The New Mass Is Not Protestant.
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I am not very certain in the argument presented on the site in "The New Mass: A Flavor of Protestantism" by Marian T. Horvat. I am a recent convert who has been drawn to the Church from an early age. I was raised Protestant, a group known by many as Word of Faith, and find no similarities between mass in English and Protestant services.
Firstly, while mass attendance has been shown to drop over the post Vatican II years it is currently on the rise among "cradle" Catholics and RCIA converts.
Second, I do not sense or see a loss of "sacrificial character" in the mass. While it may not be mentioned in a bold statement as traditional masses it is felt presented in the solemnity of the service, prayers and responses.
While there is a sense of it being a memorial of Christ's death it is more than that and expressed as such in words and action. As for the stressing as people being essential to the mass, that is true. The believers presence is essential to the mass just as the priest is essential. He is the main "player" but believers have another more secondary role as well.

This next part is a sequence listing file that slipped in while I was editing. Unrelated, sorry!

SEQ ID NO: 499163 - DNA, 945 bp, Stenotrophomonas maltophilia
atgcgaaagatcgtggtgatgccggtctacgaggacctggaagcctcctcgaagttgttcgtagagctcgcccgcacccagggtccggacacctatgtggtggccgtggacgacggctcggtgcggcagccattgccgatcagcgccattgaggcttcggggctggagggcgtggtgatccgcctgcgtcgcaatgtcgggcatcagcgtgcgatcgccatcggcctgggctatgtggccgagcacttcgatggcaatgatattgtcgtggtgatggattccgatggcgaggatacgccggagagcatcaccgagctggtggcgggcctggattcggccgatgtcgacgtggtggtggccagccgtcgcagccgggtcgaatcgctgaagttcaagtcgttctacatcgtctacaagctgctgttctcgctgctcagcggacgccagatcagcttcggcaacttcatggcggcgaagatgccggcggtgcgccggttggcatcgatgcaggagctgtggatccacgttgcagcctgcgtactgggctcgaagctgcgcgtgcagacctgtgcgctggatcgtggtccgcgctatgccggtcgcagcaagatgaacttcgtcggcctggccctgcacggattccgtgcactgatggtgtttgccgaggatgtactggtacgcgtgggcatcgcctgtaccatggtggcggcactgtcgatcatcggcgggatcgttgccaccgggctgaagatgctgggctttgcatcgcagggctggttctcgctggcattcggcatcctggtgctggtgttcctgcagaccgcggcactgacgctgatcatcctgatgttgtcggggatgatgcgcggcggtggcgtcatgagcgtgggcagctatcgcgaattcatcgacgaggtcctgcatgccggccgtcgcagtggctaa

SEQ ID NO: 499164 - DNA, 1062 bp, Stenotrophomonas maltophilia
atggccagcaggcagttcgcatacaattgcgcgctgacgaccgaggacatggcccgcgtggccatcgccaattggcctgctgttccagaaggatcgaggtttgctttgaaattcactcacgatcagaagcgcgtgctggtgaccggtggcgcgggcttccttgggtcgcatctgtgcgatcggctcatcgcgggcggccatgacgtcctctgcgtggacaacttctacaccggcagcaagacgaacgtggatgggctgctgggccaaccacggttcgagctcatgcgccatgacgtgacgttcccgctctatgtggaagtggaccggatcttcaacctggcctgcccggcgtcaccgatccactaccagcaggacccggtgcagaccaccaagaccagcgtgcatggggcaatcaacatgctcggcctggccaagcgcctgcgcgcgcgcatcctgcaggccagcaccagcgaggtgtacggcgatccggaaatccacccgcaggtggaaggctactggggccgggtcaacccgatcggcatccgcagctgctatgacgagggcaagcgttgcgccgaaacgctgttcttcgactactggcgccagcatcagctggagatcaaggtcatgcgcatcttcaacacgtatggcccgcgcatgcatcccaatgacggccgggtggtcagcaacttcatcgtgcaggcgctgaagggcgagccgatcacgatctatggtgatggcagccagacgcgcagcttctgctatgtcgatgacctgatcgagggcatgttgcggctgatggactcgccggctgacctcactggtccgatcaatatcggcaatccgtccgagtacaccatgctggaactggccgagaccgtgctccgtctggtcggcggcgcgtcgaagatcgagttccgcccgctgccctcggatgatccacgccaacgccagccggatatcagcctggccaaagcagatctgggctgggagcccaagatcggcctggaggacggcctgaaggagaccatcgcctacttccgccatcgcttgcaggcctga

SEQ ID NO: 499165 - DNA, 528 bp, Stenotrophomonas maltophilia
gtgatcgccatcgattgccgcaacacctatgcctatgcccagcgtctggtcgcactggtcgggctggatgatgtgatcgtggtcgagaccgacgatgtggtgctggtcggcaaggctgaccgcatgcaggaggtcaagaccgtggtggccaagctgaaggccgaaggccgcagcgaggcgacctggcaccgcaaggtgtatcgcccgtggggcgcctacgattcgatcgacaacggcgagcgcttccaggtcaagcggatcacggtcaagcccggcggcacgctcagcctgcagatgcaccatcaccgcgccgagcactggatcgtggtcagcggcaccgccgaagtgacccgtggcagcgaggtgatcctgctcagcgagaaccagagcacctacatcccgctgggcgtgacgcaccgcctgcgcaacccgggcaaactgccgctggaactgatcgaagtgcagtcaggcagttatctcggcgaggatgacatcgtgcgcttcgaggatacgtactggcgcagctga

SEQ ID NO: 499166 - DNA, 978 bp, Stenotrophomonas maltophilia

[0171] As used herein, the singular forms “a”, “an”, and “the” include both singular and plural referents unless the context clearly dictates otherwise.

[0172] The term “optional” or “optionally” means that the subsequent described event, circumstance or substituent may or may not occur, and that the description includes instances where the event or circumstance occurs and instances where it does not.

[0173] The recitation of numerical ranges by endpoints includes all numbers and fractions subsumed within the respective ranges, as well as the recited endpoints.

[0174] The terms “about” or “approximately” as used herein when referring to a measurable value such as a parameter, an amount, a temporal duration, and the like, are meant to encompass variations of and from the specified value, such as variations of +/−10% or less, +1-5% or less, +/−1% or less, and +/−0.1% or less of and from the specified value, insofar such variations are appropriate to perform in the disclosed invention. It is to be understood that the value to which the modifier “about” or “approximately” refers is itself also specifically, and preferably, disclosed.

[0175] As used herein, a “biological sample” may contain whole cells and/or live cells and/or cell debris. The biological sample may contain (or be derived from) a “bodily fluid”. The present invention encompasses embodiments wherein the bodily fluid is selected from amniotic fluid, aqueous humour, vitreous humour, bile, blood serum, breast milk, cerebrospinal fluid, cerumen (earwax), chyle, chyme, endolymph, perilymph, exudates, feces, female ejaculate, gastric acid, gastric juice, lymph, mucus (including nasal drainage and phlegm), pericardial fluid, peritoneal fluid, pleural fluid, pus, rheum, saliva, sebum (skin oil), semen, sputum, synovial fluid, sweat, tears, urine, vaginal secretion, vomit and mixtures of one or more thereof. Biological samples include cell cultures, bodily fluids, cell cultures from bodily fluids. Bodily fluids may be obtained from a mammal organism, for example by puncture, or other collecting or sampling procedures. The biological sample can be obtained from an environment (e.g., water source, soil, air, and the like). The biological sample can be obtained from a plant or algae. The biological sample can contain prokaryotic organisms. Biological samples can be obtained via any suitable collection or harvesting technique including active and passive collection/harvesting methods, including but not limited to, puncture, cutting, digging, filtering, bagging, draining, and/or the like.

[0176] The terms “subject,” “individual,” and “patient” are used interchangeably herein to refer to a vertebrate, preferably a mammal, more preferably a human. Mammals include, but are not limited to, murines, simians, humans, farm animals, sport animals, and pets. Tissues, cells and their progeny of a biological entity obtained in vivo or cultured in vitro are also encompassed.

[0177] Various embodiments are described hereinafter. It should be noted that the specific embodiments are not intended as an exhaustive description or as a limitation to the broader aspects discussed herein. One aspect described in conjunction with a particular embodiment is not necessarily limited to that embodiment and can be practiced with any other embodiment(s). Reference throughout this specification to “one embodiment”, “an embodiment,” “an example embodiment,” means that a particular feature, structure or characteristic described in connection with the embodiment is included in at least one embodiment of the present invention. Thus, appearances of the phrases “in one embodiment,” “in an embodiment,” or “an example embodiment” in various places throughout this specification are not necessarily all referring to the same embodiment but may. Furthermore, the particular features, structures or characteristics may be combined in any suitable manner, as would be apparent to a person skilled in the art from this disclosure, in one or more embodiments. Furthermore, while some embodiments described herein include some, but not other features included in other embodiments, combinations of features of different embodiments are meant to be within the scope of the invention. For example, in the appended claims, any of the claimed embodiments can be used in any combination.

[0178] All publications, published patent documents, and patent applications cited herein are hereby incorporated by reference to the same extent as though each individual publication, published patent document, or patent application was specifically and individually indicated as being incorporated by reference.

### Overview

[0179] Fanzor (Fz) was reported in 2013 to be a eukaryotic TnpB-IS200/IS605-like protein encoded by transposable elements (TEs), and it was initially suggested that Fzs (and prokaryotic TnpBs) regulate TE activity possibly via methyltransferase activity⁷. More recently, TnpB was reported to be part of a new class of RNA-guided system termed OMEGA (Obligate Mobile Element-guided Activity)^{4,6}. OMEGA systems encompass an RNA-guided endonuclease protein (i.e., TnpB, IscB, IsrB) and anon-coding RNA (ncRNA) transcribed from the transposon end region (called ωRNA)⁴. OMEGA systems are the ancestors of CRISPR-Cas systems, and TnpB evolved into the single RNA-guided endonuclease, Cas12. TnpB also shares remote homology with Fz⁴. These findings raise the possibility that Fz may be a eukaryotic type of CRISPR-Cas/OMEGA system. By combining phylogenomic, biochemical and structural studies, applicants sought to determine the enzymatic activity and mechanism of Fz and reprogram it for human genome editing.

I believe that it is incorrect for someone to write that the Novus Ordo was intended to appease Protestant when that was not its purpose, even if it can be construed as such. It was intended to bring the Mass to more people, more nation. Among recent converts that I have meet during my RCIA experience many have voice that the traditional mass was confusing to them and that if it was still in use uniformly throughout the Church they most likely would not have join the Catholic Church. They have said they were drawn to the Church because Protestantism, in some cases, was missing something. Something they found within the mass.
I am aware the site supports a return to Tradition Mass, which I am not against, however such strong statements as presented in the above mentioned essay/article may offend, confuse or alienate certain people.
Z.G-K. - Medieval Historian
Fr. Somerville responds:
You do not see similarities between the New Mass and the Protestant service because you are coming from a Protestant perspective. When a person has his hand in cold water and puts it in warm water, it feels hot; when a person has his hand in hot water and puts it in warm water, it feels cold. So, since you are coming from Protestantism you consider that the New Mass is more traditional than a Protestant service. It is a normal subjective reaction. But objectively speaking, this does not prove that the New Mass is not heading toward Protestantism when you contrast it with the Tridentine Mass.
The objective fact is that since the 1960’s and the onset of ecumenical fervor, much effort has been exerted by the Vatican to reduce differences between the Catholic and Protestant religions.